“Louis has only been back home a few times for weddings and funerals, but I always contact him whenever I’m in London like I did last year when I was having an exhibition of drawings and mixed media work at the Saatchi gallery,” he adds.
Nevertheless, reminiscing on the early days of a writing career that spans over five decades, he recalls how he felt duty-bound to write on the visual arts during the apartheid era.
“Over the years it had been white people writing about art, but I thought it was unfair because by who’s standards were they judging us. So I felt I should contribute to the debate by writing about black artists and the problems that they faced,” he explains  “Also why were black artists’ work not at the level of the whites who had the opportunity to attend art school and travel overseas. For the black artists they could not even get into local universities first they had to write to the department of education for clearance”.

Unquestionably this was a period when The Bantu Education Act, 1953 later renamed the Black Education Act, 1953 a segregation law enforcing racially separated educational facilities was in full effect. In fact, although Dr. Koloane would later attend apprenticeship at the Bill Ainslie studio in Johannesburg between 1974 and 1977 the closest he would get to formal tertiary education was in 1985 when he was awarded a Diploma in Museum Studies from the University of London and he was already well in his 40s.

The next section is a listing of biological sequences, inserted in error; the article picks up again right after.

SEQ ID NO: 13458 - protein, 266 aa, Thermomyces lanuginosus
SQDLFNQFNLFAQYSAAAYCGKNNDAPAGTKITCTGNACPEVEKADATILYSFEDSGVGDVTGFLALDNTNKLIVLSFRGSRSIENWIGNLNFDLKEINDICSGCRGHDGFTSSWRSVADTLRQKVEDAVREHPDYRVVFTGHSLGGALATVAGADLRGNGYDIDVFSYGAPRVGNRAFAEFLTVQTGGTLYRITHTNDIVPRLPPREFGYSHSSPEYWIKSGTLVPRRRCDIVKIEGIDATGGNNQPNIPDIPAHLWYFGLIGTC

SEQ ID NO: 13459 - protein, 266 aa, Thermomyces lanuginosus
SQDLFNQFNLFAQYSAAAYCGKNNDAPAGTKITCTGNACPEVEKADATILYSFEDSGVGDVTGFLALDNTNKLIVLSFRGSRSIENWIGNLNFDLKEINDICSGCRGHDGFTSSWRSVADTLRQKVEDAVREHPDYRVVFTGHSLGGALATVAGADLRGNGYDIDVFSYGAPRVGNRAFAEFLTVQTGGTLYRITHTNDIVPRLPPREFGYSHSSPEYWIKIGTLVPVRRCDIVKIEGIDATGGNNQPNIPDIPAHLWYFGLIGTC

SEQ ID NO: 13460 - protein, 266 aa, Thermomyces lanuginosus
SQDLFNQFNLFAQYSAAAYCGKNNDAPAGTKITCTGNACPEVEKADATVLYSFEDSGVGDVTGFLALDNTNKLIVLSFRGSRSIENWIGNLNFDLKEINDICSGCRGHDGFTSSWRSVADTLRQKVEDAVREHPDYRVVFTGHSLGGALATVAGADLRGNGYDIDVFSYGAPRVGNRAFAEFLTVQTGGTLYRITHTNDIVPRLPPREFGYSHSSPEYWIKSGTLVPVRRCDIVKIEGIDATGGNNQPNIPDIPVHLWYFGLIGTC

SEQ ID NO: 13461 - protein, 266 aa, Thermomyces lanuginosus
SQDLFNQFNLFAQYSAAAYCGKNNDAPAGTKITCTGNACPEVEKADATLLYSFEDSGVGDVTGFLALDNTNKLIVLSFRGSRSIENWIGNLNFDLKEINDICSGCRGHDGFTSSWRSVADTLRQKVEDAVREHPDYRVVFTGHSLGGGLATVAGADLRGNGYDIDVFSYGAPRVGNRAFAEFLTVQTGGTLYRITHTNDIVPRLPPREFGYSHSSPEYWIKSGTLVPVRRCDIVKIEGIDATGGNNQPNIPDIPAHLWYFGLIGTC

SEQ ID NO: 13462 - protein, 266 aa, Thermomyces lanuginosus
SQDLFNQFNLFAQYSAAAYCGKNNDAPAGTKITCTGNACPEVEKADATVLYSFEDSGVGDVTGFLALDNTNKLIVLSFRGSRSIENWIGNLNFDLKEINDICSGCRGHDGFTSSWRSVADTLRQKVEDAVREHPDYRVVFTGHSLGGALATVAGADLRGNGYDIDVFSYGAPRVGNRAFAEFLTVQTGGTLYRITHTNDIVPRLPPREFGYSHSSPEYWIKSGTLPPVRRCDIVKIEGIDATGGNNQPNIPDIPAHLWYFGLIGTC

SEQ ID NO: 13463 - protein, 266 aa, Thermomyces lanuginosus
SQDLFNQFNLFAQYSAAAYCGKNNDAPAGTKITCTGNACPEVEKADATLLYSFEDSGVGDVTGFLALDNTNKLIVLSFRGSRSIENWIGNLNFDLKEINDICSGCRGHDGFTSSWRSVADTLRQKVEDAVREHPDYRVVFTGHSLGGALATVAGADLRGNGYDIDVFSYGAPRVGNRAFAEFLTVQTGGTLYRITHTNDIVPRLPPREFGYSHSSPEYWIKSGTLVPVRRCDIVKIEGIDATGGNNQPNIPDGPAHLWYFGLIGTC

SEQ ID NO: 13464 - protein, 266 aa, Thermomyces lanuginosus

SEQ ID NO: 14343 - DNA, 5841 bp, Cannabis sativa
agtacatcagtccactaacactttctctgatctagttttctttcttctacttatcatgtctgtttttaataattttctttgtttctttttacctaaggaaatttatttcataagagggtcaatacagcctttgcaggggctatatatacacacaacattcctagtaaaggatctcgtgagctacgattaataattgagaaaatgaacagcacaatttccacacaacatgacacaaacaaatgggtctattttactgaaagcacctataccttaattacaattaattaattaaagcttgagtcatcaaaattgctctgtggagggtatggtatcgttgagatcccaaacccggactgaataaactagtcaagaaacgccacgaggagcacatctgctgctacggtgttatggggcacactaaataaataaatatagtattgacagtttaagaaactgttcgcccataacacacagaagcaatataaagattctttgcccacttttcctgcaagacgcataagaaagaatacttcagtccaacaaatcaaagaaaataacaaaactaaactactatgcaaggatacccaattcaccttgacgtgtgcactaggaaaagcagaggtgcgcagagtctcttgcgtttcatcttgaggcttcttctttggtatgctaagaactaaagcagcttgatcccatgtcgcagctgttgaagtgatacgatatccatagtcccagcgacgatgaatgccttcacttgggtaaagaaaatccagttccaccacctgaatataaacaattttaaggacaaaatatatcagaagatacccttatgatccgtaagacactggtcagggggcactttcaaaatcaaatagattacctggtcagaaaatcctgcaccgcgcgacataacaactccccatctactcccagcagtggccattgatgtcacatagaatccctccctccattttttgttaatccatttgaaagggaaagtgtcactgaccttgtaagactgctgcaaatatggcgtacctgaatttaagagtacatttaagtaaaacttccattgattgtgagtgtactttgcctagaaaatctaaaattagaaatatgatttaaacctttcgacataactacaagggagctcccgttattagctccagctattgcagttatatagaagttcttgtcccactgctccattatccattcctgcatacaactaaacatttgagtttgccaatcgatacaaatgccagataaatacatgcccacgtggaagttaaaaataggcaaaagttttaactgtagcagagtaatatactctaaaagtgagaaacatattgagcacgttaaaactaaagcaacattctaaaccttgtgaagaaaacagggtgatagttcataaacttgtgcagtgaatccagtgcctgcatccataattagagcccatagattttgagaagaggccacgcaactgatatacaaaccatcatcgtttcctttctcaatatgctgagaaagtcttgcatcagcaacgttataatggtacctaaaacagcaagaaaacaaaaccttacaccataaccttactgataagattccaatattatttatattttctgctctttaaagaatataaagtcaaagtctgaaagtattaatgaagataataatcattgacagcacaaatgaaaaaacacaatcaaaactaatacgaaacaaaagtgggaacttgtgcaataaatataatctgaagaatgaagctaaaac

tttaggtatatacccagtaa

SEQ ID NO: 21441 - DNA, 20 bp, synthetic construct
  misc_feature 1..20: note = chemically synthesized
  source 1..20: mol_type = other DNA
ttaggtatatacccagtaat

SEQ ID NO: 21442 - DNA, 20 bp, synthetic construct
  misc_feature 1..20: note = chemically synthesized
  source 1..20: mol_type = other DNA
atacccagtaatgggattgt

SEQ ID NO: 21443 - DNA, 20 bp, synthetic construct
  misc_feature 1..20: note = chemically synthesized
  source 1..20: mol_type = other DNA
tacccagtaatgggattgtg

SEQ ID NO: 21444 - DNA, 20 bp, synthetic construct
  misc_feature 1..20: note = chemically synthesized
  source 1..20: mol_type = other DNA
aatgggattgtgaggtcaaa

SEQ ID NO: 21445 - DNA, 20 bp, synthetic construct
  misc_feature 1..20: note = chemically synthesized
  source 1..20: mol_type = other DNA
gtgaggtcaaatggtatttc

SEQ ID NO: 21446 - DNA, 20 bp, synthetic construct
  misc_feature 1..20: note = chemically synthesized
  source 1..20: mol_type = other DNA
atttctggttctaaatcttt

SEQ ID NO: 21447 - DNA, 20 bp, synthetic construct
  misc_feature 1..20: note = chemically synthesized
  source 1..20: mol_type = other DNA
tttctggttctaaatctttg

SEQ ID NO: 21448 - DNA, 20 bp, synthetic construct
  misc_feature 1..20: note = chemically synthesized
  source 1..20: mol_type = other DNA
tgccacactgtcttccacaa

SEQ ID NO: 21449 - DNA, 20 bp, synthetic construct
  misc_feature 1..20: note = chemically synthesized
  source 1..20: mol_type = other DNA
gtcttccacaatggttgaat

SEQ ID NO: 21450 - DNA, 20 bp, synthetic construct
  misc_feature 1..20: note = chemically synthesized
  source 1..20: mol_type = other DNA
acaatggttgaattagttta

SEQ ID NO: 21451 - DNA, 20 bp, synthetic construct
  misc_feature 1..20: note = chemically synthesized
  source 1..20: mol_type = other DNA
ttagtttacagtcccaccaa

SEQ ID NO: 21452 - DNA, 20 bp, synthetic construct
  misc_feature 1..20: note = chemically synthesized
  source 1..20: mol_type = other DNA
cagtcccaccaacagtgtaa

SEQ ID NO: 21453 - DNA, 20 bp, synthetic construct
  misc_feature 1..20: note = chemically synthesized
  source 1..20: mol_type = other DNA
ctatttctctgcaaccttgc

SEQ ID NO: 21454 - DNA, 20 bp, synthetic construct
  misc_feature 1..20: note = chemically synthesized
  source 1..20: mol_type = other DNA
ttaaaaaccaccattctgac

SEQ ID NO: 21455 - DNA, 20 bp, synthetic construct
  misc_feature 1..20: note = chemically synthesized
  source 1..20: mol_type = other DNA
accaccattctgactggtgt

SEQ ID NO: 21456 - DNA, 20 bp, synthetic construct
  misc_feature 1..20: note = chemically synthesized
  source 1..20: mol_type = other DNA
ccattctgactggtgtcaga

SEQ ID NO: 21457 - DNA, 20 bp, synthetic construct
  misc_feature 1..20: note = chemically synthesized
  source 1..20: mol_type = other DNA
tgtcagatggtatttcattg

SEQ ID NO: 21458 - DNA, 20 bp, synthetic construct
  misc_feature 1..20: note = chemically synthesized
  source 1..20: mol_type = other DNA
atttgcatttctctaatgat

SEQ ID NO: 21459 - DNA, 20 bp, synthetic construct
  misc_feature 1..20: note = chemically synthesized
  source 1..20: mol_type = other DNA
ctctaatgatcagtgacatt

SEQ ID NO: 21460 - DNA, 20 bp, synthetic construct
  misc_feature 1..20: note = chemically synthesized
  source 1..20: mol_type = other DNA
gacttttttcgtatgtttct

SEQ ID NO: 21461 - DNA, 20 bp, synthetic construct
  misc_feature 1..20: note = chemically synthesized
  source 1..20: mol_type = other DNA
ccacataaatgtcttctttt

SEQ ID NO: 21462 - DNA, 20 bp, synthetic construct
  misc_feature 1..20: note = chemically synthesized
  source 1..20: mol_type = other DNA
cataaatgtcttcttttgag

“When I started writing the situation was rife, I used to question what gave them the right to call our art ‘township art’, why didn’t they call theirs ‘suburban art’ since they all lived in white suburbs. Yes, that was the angle I took. I would also look at the environment from which black artists were working, they lacked electricity and often worked by candle light with no proper art studios,” he explains “Later on I realised that this was not only a South African problem it was happening in the United States among African Americans. They also protested and when I went there for the first time I visited some of their studios and galleries, we were almost in a similar situation”

He was also concerned that only a hand full of black artists were being put on pedestals by white owned newspapers, so he tried to profile as many artists as he could, he especially enjoyed when newspapers such as The Sowetan came on the scene in the early 1980s and gave his writing a bigger platform.